Metabolism - Control And Endocrine Systems Flashcards Preview

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Flashcards in Metabolism - Control And Endocrine Systems Deck (15):

What are the basic steps of a control system?

1). Receptor
- sends signal from stimulus via afferent pathway to control centre
2). Communication
- nervous
- endocrine
- paracrine (local hormones)
- autocrine (many agents)
3). Goes to control centre
- determines set point, analyses input and determines a response
4). Effector
- control centre sends signal via efferent nerves to effector


What are the feedback systems?

1). Negative - effector opposes the stimuli and acts to reverse its effect

2). Positive - stimulus produces a response which increases its effect = catastrophic, fast change


What is a circadian rhythm?

Daily/diurnal rhythm


Where is our "body clock" and what does it control?

Suprachiasmatic nucleus in the hypothalamus

Controls biological rhythm at which some hormones are released.


What is jet lag?

When our body clock tells us its a different time to the environment.


Where is water found?

Extracellular fluid
Intracellular fluid - cytoplasm
Blood plasma


What is a hormone?

A chemical messenger which is produced in endocrine glands or tissues and travel, often in the bloodstream, to cause an effect on target cells.


What is the life of a hormone?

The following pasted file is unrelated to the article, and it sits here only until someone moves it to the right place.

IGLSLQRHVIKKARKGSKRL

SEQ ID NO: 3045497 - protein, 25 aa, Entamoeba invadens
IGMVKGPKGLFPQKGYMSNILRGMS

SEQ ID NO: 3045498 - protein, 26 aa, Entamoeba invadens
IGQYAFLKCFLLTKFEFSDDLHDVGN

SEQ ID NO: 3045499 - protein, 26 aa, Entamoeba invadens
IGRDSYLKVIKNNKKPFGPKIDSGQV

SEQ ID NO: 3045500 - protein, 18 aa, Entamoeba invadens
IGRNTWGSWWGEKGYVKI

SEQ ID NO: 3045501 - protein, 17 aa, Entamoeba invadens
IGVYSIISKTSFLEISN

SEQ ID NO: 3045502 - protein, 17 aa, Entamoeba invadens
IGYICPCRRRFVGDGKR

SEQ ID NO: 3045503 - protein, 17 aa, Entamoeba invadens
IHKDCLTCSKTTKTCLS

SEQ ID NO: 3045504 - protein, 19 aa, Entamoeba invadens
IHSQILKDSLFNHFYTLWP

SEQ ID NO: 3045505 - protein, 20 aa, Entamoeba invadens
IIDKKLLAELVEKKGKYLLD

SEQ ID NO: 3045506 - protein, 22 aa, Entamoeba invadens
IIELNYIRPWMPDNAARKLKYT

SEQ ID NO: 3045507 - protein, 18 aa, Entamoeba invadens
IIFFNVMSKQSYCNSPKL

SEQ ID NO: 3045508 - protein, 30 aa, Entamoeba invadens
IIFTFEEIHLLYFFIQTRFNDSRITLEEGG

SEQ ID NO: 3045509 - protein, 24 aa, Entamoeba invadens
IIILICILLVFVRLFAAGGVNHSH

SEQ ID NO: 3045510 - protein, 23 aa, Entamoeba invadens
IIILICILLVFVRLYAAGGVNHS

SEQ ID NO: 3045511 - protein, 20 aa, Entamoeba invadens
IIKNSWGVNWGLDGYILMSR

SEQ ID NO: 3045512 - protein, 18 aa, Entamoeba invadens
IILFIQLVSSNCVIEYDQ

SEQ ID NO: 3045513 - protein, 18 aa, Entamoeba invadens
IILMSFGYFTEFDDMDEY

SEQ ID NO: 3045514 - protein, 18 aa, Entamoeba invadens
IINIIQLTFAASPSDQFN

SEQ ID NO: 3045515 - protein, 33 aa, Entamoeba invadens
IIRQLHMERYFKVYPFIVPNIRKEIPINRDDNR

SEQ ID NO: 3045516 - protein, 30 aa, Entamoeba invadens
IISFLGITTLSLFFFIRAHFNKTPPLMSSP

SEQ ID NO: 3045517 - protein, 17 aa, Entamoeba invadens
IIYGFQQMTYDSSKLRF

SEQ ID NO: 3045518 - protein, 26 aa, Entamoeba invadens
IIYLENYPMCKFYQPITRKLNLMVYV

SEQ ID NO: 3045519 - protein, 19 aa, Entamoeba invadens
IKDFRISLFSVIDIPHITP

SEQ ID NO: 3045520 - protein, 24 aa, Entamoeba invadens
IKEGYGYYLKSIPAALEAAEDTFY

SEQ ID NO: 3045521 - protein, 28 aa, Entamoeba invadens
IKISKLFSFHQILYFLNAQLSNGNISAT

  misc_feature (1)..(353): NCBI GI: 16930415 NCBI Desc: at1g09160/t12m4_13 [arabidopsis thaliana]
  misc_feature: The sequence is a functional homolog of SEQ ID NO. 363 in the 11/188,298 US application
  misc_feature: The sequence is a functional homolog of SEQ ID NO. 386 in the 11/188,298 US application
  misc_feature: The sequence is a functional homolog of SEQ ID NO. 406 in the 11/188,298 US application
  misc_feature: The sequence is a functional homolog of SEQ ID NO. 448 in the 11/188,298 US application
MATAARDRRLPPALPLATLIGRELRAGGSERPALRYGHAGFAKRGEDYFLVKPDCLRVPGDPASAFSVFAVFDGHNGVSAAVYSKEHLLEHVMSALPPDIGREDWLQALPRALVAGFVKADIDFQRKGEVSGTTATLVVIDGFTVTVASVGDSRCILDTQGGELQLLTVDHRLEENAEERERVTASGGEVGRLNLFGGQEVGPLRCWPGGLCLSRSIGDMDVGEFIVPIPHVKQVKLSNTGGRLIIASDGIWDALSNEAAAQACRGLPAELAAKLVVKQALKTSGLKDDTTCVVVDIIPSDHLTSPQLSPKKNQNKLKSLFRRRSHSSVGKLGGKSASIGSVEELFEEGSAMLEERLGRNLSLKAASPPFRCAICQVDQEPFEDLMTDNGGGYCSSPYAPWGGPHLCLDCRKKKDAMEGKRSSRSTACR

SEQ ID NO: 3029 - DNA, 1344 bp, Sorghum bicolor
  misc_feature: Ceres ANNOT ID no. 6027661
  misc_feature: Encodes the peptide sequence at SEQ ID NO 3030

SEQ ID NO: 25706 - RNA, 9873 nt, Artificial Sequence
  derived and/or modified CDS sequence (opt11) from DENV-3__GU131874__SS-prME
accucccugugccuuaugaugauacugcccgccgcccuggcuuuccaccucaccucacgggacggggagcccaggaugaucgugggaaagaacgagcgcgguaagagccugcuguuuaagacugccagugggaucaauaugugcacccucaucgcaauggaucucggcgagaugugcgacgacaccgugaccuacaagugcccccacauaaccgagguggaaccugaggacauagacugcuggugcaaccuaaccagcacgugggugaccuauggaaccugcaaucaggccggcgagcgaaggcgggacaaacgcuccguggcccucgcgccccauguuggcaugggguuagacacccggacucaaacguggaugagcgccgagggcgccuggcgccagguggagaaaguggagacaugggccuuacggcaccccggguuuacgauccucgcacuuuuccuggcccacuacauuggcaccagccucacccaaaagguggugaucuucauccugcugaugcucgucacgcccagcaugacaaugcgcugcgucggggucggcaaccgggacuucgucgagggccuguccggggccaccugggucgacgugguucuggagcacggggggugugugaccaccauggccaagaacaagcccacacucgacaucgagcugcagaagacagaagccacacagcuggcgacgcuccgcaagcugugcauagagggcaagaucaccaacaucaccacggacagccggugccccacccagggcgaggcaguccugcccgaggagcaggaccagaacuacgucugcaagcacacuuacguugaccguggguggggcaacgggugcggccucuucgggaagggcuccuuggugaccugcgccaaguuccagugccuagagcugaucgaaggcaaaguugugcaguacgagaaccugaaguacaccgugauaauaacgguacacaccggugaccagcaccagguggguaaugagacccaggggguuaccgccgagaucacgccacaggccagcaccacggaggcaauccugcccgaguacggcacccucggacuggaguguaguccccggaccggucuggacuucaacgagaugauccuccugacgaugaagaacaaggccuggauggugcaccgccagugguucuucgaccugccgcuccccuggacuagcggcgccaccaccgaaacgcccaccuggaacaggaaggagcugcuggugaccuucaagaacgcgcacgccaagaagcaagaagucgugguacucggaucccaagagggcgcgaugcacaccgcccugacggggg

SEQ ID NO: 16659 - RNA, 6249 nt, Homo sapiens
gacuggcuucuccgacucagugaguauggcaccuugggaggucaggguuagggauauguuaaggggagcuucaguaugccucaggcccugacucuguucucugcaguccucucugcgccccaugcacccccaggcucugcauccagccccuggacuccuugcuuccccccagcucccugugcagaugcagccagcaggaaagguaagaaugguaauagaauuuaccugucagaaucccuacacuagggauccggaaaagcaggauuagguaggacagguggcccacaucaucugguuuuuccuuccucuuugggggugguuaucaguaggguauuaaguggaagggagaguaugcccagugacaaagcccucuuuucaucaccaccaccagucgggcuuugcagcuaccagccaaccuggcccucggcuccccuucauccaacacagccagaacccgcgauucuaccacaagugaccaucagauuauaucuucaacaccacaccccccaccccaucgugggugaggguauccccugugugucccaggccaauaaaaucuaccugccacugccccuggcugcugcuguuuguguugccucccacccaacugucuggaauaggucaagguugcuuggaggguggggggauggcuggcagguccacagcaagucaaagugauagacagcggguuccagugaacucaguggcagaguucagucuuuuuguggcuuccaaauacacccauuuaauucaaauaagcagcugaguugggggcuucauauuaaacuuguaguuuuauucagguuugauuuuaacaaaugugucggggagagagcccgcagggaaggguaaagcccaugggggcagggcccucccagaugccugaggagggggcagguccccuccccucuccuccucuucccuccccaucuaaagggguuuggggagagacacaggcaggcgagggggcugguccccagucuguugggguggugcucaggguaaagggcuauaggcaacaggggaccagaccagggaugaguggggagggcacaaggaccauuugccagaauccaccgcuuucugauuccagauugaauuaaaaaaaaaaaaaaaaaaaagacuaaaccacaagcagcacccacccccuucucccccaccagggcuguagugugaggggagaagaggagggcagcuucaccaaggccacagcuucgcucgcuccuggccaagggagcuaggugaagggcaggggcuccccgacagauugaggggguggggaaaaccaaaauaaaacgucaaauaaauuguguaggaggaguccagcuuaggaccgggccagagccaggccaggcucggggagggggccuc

Produced in endocrine gland or tissue
Transported in blood to target cell/tissue
Act upon target cell or tissue
Inactivated by liver


What is the usual way of controlling rate of secretion?

Negative feedback


How are the types of hormone transported?

Lipid soluble require specific protein carriers
- steroid hormones
- thyroid hormones
= only the free form of the hormone is active

Peptides and adrenaline are soluble, so travel in solution


What is the role of carrier proteins?

Increase half life of hormones
Increase solubility of hormones
Act as a reserve of hormone in the blood


What does the magnitude of the response to a hormone depend on?

-Affinity of hormone for receptor
-Amount of expression of hormone receptors
-Concentration of active hormone secreted
-Degree of signal amplification if an enzyme cascade is involved


How does a hormone cause a response if it is lipid soluble (and therefore can cross the membrane)?

1). Hormone diffuses across the membrane and binds to a receptor in the cytosol of nucleus
2). Receptors form a dimer in the nucleus once activated and bind to DNA at the hormone response element.
3). This switches transcription on or off.

TH, cortisol, aldosterone


How can a hormone cause a response if it is water soluble (so can't cross the membrane)?

1). Binds to a receptor on the cell surface which activates the secondary messenger cAMP.
2). The cAMP exerts a metabolic effect, usually activating an enzyme in the cell.
3). The enzyme causes the required effect.

ACTH, adrenaline, insulin


What are the hormone classes, a feature and example?

1). Polypeptide
- insulin, GH, TRH
- largest group
- usually single chains

2). Amino acid derivative
- T3/4, adrenaline
- 5-HT from tryptophan
- usually derived from tyrosine

3). Steroid
- calciferols, corticosteroids, androgens
- derived from cholesterol

4). Glycoprotein
- 2 polypeptide chains with carb side chains